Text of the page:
What was your inspiration for this collection?
I was inspired by a great love for Old Master paintings and still life - of vanitas - reminders that we’re here for a short time. The title [of the collection] comes from a line of a Waldo Emerson poem. It’s about the idea that man owns and feels control of the earth, lives on it, and then is buried in it. The earth gives back in flowers. Back when there were paintings and no television or radio, people would look at all these objects – which had symbolic meaning that told a narrative and stories - and that’s what I wanted to capture.
Was it a personal collection?
Yes. The more personal it is, the more it touches people. As you get older, you think about things differently from when you do in your twenties, when you think you’ll live forever. There are years when you’re productive and then there are years where you really slow down and decline. Like flowers we have that age when we’re in the perfect bloom - with all that joy and beauty of our youth - and you’re enjoying your sexuality, enjoying your youth. The springtime is really about hormones bursting with very much a sort of youthful energy - but we will age and decay. It’s really important to stay connected to nature, and not to disconnect from this in our busy lives.
Did you want the photographs to look like paintings?
I thought I’d create still life by using techniques that I learnt through the years of photography and wanted to achieve that paintery effect from using a slow shutter speed. It took so long to arrange these flowers - luckily we made a deal with this florist here in LA.
What do you want people to feel when they see them?
I never want people to be repulsed with my pictures, I always want to attract people. There’s enough repulsive stuff in the world. For this collection, I took a genre of history and revived it with photography - I used a mixture of modern symbols and historic things like pomegranates to represent things from the past.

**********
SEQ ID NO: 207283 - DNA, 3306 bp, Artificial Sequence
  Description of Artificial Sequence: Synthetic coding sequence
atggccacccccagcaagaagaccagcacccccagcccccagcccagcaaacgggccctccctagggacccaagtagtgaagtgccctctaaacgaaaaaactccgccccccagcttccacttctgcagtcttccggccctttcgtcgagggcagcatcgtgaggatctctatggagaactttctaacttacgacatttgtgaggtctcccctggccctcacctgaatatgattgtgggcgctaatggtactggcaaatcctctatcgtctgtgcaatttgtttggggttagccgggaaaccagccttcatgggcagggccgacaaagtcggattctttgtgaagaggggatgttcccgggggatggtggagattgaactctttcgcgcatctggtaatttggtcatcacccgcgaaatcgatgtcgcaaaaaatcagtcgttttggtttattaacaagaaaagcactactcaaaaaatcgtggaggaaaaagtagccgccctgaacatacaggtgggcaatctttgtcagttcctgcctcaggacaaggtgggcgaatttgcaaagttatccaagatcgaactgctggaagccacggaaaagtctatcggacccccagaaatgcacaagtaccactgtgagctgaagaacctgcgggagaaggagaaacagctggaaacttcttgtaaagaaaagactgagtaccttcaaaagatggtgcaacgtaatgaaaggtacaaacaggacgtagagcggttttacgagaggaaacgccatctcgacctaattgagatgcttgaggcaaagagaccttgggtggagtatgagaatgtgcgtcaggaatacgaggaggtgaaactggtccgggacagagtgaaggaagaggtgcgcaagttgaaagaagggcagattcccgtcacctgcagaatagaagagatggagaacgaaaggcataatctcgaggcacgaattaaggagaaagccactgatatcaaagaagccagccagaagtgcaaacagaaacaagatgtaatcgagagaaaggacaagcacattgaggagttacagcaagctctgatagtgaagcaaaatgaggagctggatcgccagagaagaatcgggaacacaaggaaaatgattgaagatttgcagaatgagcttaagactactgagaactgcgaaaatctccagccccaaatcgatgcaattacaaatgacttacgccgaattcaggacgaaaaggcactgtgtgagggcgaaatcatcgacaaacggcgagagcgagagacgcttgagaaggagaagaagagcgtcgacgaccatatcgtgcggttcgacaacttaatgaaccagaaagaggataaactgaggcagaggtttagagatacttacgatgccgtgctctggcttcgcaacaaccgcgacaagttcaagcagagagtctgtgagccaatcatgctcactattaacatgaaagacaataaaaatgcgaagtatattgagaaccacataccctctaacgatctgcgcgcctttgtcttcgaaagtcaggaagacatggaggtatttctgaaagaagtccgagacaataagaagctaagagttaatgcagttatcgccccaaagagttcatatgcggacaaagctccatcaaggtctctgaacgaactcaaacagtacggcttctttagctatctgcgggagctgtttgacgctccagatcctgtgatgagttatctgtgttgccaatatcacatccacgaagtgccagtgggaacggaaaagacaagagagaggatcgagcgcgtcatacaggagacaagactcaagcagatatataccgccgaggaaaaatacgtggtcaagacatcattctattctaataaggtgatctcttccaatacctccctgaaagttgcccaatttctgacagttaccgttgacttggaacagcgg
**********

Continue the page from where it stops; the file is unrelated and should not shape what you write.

Such as the skull?
Exactly. The skull’s a classic symbol. And the cell-phone is the symbolism of vanitas for the modern age.
Are you capturing the obsessions of our time?
Yes, and the disposability of things.
Which is your personal favourite?
‘Wilting Gossip’ [pictured]. I love that one. It has the burning cigarette, snuffed out candle and smoke - like life is extinguished. I like little things like that - they’re quite antique ideas.
What do you find personally fulfilling at the moment?
The variety in my life. There are a bunch of facets to my working life: the collaborative nature of photography, the solo aspect of drawing, figuring things out, or putting things together quietly. Balance [between them] is the most important thing. There was a time when I was really unbalanced; I was a workaholic and I couldn’t say no to work. By coming back full circle to where I started [as an artist] both professionally and personally, I’m happier.
Would you have been an artist if Andy Warhol hadn’t discovered you?
Yes. I was always painting when I was a kid. But then when I handled a camera when I was 17, that was it for me. I loved photography. I would work 4 or 5 hours a day. It was like a calling.
-Interview by Helena Lee
‘David LaChapelle: The Earth Laughs in Flowers’ is at Robilant + Voena, 38 Dover Street, London W1 (www.robilantvoena.com), from 14th February